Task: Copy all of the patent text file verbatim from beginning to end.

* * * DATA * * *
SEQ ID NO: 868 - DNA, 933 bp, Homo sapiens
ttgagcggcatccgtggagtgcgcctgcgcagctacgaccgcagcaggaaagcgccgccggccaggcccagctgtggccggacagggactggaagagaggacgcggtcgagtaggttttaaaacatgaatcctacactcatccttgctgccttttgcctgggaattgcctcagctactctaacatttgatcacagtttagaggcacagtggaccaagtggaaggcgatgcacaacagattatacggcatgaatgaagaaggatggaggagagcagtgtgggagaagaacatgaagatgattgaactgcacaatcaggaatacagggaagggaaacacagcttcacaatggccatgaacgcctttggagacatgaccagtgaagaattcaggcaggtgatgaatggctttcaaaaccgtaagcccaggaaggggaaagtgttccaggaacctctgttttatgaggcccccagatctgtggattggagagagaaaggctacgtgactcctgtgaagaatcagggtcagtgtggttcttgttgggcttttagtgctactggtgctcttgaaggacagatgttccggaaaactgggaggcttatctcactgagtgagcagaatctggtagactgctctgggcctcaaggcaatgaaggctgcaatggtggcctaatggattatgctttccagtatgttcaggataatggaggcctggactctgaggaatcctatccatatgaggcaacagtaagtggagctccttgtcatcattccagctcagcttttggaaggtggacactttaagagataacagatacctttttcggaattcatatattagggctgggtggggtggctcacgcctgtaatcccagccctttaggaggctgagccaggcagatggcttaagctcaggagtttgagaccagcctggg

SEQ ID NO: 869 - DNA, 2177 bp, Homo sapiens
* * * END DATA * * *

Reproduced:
SEQ ID NO: 868 - DNA, 933 bp, Homo sapiens
ttgagcggcatccgtggagtgcgcctgcgcagctacgaccgcagcaggaaagcgccgccggccaggcccagctgtggccggacagggactggaagagaggacgcggtcgagtaggttttaaaacatgaatcctacactcatccttgctgccttttgcctgggaattgcctcagctactctaacatttgatcacagtttagaggcacagtggaccaagtggaaggcgatgcacaacagattatacggcatgaatgaagaaggatggaggagagcagtgtgggagaagaacatgaagatgattgaactgcacaatcaggaatacagggaagggaaacacagcttcacaatggccatgaacgcctttggagacatgaccagtgaagaattcaggcaggtgatgaatggctttcaaaaccgtaagcccaggaaggggaaagtgttccaggaacctctgttttatgaggcccccagatctgtggattggagagagaaaggctacgtgactcctgtgaagaatcagggtcagtgtggttcttgttgggcttttagtgctactggtgctcttgaaggacagatgttccggaaaactgggaggcttatctcactgagtgagcagaatctggtagactgctctgggcctcaaggcaatgaaggctgcaatggtggcctaatggattatgctttccagtatgttcaggataatggaggcctggactctgaggaatcctatccatatgaggcaacagtaagtggagctccttgtcatcattccagctcagcttttggaaggtggacactttaagagataacagatacctttttcggaattcatatattagggctgggtggggtggctcacgcctgtaatcccagccctttaggaggctgagccaggcagatggcttaagctcaggagtttgagaccagcctggg

SEQ ID NO: 869 - DNA, 2177 bp, Homo sapiens